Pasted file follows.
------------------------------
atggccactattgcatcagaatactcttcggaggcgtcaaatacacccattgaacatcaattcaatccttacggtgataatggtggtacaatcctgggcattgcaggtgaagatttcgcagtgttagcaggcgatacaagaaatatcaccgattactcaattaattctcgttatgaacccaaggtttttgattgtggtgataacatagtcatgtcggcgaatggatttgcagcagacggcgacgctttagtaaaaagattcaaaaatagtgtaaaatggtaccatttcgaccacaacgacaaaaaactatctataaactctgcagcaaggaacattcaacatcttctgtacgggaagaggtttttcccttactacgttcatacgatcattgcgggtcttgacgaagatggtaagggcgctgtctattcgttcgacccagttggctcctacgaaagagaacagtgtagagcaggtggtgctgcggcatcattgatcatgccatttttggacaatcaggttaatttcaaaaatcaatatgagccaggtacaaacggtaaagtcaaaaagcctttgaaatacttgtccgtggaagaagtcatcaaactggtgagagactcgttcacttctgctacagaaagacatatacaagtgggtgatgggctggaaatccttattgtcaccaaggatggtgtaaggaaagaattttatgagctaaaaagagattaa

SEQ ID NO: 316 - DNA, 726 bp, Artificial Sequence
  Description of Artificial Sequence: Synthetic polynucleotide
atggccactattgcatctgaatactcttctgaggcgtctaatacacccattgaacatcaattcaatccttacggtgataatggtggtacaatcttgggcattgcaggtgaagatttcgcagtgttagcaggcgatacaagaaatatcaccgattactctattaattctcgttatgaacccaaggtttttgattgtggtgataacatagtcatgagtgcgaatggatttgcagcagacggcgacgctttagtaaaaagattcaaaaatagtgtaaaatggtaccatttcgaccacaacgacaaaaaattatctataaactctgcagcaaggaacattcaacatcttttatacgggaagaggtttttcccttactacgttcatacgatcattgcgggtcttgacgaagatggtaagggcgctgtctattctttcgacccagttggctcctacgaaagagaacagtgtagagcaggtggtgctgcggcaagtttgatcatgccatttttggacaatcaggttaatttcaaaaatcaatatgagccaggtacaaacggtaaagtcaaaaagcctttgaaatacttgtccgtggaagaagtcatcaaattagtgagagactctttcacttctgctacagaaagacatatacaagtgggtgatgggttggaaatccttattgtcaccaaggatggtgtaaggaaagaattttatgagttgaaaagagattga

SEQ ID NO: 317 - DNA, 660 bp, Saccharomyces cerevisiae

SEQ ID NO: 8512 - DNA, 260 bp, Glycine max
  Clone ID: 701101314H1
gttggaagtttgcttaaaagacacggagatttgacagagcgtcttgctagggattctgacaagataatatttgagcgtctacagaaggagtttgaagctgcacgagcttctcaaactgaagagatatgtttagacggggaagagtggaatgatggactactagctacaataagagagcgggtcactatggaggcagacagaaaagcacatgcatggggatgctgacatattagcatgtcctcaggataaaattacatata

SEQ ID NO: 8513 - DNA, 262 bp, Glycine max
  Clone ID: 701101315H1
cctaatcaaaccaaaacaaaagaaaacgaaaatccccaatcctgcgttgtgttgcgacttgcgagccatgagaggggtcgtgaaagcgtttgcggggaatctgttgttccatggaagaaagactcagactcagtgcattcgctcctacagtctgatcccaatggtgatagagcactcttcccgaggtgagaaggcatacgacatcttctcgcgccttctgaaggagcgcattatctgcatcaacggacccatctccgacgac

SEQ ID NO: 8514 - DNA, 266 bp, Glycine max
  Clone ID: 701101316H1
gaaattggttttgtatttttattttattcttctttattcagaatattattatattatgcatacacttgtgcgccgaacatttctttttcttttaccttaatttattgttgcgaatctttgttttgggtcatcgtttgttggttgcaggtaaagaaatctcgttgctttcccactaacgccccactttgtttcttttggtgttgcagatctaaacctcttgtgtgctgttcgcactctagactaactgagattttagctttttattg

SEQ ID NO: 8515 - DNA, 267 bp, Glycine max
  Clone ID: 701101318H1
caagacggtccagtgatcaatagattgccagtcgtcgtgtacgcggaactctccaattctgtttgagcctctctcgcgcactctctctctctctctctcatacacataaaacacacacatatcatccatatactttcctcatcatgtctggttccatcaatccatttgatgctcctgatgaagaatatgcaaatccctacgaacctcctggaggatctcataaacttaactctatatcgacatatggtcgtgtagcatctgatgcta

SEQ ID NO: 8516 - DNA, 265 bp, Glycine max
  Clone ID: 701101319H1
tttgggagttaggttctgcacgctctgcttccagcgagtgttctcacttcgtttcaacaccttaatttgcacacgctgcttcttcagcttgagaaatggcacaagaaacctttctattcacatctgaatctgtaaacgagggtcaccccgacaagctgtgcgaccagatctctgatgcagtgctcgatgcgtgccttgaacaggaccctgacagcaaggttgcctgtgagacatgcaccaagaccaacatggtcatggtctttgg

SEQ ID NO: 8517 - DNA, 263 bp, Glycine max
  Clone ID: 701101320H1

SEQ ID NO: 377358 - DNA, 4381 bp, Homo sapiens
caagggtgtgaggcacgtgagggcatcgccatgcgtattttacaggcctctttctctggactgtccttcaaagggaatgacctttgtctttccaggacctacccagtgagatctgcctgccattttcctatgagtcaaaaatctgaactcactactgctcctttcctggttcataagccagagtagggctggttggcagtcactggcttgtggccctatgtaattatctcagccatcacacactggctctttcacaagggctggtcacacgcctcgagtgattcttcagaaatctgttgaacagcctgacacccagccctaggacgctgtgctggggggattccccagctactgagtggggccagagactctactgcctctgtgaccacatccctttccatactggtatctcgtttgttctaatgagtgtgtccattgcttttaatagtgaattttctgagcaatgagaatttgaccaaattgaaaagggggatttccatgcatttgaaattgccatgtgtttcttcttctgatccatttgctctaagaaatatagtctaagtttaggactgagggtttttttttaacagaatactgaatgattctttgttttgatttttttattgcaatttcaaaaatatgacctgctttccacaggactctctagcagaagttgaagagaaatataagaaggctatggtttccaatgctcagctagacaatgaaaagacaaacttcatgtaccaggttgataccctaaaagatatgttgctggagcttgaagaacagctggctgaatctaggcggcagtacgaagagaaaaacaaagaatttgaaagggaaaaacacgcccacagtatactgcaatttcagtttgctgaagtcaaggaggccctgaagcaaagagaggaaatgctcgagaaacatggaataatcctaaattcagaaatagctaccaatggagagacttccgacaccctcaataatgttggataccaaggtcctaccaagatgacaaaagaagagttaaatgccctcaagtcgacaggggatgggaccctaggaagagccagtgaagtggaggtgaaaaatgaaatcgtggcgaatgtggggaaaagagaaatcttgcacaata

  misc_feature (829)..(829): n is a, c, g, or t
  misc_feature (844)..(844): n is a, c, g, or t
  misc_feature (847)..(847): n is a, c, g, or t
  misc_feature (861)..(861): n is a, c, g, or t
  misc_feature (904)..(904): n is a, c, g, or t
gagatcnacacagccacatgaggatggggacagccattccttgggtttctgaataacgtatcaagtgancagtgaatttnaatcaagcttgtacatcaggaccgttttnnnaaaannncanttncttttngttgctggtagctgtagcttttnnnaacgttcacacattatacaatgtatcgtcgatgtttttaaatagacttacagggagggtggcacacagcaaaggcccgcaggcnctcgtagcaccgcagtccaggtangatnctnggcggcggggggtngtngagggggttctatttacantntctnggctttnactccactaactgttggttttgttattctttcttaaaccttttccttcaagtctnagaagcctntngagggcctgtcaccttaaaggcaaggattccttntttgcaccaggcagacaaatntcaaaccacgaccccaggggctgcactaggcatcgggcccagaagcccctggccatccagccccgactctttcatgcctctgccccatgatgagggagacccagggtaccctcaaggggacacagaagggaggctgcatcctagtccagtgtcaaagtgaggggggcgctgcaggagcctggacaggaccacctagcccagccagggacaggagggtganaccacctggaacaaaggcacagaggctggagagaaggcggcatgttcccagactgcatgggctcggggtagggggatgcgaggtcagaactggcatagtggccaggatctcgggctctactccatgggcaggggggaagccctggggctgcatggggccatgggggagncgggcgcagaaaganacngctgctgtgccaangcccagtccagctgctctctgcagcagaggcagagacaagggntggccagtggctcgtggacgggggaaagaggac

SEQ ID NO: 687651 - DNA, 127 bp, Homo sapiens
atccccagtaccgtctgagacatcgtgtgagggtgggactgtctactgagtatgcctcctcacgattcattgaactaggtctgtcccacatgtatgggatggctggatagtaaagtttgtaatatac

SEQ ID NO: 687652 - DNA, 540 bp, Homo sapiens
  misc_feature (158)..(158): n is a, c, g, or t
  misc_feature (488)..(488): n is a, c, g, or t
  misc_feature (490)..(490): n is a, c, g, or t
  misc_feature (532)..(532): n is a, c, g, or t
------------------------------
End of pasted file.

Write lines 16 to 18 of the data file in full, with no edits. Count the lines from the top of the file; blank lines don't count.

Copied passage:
  Clone ID: 701101318H1
caagacggtccagtgatcaatagattgccagtcgtcgtgtacgcggaactctccaattctgtttgagcctctctcgcgcactctctctctctctctctcatacacataaaacacacacatatcatccatatactttcctcatcatgtctggttccatcaatccatttgatgctcctgatgaagaatatgcaaatccctacgaacctcctggaggatctcataaacttaactctatatcgacatatggtcgtgtagcatctgatgcta

SEQ ID NO: 8516 - DNA, 265 bp, Glycine max